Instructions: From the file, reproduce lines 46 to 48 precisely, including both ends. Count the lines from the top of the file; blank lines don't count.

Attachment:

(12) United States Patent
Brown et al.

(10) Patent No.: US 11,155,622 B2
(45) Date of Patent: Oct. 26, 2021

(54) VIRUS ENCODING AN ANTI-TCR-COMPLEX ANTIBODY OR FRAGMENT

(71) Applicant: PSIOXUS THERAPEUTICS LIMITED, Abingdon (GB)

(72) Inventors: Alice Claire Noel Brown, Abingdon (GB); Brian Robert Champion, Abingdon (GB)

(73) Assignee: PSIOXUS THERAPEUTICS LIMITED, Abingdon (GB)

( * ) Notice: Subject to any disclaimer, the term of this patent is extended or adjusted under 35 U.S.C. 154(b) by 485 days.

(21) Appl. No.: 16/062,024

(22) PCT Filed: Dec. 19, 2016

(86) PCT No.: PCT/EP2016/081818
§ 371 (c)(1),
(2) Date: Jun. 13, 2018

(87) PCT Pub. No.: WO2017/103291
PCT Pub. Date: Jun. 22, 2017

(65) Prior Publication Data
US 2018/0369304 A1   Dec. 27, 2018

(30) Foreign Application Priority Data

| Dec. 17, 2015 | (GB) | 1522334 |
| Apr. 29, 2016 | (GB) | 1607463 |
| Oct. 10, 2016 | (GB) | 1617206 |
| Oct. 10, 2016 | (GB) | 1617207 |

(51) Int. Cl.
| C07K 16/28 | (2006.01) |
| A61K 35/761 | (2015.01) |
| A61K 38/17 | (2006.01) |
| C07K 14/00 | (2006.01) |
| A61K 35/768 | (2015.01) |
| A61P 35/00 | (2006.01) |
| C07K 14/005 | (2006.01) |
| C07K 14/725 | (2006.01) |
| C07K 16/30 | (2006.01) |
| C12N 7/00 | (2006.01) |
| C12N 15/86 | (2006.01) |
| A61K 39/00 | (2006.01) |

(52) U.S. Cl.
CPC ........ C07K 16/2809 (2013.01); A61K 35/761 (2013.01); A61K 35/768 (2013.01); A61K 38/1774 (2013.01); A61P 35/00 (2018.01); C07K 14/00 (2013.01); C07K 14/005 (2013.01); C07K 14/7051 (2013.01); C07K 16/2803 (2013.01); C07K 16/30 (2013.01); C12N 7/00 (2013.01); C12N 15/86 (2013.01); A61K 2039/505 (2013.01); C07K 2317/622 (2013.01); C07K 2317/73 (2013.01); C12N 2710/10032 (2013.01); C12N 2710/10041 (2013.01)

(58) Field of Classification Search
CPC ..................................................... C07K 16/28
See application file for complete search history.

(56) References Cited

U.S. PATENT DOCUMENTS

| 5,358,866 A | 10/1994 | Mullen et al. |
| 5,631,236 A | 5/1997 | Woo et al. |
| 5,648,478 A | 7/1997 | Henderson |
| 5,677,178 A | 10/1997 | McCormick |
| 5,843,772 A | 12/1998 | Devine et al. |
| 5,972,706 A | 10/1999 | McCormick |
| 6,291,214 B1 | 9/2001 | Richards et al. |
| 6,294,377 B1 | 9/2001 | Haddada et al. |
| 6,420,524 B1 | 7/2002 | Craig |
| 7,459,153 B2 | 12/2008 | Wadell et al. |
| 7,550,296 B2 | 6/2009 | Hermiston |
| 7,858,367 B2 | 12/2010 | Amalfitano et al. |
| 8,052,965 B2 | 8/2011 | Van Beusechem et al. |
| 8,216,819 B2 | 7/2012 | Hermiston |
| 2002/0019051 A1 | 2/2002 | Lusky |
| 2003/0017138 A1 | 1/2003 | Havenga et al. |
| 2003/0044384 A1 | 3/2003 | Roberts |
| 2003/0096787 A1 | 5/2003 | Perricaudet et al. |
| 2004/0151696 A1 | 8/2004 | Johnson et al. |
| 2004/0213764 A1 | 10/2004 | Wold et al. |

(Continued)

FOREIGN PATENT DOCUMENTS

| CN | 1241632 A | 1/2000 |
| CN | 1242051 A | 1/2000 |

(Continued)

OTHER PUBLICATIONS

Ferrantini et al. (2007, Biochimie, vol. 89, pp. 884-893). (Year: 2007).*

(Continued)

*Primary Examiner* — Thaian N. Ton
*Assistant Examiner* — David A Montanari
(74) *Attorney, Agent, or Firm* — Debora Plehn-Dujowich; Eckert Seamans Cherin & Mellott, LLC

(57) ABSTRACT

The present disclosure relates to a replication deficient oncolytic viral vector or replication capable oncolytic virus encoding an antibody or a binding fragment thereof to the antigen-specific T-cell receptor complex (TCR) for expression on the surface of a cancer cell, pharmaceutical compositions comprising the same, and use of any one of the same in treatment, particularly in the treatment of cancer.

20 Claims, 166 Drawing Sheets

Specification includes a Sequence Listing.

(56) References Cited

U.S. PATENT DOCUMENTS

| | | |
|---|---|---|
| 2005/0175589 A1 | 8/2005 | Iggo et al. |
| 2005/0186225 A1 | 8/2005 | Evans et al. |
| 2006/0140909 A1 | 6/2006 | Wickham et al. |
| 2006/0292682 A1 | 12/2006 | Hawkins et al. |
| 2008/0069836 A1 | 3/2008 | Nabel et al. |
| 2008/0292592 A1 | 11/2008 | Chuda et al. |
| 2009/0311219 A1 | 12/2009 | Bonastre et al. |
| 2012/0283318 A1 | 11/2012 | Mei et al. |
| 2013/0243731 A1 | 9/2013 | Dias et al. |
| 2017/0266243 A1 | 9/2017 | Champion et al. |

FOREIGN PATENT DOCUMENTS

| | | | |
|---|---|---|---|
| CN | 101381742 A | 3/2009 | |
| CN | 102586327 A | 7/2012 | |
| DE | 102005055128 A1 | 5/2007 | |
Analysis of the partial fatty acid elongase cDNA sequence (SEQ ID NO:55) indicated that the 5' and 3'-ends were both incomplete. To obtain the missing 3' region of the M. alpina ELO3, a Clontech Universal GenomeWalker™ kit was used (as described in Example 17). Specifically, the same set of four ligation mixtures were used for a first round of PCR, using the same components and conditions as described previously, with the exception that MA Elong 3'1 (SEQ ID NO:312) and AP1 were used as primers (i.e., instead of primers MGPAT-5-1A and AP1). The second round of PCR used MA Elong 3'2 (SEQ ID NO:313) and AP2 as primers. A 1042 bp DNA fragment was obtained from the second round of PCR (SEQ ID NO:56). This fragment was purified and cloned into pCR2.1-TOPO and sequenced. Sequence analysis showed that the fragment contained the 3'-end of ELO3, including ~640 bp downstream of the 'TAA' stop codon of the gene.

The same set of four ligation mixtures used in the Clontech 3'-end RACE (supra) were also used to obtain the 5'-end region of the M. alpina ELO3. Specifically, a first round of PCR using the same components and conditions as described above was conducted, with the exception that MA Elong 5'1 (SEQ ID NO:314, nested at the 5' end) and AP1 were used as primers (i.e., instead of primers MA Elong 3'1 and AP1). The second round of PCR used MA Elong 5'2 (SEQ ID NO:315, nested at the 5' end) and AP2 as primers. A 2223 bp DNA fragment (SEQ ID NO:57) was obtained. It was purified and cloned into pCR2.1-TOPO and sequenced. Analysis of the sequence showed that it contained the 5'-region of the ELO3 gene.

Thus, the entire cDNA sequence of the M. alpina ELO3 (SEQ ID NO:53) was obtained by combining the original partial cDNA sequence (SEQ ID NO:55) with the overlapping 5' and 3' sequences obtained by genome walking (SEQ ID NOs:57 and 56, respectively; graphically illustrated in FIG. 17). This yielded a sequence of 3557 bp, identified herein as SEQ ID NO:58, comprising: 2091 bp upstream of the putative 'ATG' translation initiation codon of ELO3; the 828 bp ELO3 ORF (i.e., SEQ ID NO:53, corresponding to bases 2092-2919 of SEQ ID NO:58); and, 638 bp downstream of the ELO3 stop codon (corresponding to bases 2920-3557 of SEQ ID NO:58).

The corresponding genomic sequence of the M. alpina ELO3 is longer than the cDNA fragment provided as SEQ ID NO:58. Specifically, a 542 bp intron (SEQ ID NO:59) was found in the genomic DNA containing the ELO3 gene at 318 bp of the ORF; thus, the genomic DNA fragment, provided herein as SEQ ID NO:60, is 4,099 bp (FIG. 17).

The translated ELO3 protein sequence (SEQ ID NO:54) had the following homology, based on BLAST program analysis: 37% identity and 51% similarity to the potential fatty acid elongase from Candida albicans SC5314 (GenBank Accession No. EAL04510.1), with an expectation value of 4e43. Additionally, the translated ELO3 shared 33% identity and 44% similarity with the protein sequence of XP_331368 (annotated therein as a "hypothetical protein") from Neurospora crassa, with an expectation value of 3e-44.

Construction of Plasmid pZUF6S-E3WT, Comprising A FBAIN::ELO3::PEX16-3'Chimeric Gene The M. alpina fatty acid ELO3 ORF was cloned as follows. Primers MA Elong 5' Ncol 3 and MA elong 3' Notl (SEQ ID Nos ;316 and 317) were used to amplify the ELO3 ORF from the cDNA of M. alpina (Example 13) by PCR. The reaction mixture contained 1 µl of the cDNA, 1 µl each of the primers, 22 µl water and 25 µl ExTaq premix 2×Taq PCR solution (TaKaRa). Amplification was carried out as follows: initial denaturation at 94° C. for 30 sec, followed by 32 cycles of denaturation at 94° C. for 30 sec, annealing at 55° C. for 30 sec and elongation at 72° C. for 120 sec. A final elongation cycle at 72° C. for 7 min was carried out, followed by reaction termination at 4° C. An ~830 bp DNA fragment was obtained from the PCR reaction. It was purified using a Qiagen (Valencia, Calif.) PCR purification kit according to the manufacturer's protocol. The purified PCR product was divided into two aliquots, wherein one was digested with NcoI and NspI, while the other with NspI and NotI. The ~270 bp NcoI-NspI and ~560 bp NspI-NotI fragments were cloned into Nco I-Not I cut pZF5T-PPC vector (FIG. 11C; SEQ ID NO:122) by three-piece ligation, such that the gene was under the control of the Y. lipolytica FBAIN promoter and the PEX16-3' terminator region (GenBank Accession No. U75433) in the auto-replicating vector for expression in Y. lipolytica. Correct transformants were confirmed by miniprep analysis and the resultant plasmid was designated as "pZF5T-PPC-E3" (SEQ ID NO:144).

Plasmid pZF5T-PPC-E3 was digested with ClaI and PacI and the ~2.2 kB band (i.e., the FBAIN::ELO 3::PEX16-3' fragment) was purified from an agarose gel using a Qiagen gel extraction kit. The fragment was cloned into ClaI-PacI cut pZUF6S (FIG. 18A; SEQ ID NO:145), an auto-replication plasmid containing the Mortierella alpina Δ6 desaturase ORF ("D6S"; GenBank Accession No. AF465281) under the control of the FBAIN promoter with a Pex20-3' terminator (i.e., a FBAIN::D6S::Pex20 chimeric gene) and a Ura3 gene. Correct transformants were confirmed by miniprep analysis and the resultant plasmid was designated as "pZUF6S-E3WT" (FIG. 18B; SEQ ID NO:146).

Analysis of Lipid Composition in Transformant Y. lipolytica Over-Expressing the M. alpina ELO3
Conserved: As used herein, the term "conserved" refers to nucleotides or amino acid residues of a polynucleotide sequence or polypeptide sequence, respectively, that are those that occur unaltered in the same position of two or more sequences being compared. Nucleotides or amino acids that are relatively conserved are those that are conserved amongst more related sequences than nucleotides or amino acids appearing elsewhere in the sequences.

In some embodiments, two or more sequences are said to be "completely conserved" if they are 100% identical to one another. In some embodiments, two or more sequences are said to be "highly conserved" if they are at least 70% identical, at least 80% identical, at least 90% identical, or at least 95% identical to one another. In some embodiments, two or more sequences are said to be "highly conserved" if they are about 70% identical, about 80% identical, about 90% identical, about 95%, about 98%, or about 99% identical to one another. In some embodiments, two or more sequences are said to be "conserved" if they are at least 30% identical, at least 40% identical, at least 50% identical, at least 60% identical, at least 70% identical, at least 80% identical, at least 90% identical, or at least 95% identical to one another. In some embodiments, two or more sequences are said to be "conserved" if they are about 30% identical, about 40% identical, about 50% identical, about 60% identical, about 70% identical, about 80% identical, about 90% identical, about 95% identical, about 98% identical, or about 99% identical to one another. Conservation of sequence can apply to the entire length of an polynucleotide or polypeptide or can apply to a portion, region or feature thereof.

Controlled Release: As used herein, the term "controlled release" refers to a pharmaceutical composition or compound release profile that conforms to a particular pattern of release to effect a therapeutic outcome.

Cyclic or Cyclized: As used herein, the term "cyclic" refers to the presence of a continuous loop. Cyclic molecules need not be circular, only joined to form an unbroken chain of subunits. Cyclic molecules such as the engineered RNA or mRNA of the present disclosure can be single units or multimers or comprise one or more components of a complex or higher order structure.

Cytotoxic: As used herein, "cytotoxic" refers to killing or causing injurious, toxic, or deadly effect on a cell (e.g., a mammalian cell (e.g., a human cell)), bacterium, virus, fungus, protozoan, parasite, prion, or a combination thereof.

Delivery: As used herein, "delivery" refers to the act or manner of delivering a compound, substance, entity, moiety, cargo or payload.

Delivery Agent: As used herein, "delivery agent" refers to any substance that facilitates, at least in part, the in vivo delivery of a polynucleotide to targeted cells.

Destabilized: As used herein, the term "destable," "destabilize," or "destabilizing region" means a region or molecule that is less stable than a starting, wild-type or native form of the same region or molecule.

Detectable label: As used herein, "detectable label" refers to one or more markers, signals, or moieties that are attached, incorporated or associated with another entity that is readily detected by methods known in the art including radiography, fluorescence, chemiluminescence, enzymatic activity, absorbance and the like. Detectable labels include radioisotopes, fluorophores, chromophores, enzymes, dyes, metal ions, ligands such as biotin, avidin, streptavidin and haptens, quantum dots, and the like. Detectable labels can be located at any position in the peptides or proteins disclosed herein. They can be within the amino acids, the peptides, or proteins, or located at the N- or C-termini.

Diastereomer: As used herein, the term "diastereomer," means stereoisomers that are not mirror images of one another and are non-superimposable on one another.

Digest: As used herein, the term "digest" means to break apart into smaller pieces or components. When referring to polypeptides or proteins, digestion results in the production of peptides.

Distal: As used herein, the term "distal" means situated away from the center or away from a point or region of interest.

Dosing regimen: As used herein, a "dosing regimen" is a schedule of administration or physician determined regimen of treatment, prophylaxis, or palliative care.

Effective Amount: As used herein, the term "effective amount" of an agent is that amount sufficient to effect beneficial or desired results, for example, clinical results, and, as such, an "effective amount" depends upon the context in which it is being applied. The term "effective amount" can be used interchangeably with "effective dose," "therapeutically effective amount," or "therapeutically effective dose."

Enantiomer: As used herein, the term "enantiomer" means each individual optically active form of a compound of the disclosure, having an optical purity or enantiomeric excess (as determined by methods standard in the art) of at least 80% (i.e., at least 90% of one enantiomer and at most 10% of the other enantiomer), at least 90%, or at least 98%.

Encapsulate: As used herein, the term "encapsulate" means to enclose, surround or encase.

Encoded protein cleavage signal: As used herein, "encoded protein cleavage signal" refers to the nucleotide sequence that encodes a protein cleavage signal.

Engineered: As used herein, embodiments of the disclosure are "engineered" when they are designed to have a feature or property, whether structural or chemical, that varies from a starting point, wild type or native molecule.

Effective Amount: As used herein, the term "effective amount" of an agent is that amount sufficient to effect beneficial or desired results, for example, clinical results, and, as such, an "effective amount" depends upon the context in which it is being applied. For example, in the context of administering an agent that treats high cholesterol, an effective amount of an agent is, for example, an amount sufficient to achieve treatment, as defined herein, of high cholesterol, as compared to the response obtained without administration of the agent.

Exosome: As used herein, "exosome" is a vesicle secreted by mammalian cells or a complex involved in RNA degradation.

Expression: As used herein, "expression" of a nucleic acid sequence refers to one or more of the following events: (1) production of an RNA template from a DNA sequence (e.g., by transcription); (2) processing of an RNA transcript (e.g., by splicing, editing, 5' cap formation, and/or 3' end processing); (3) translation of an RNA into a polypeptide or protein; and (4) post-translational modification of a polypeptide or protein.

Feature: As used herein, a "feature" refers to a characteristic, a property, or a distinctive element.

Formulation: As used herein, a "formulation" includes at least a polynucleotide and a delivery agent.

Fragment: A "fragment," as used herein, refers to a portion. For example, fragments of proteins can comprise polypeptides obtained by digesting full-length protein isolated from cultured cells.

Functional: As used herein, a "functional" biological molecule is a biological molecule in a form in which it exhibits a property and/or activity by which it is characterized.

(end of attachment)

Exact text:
| 5,648,478 A | 7/1997 | Henderson |
| 5,677,178 A | 10/1997 | McCormick |
| 5,843,772 A | 12/1998 | Devine et al. |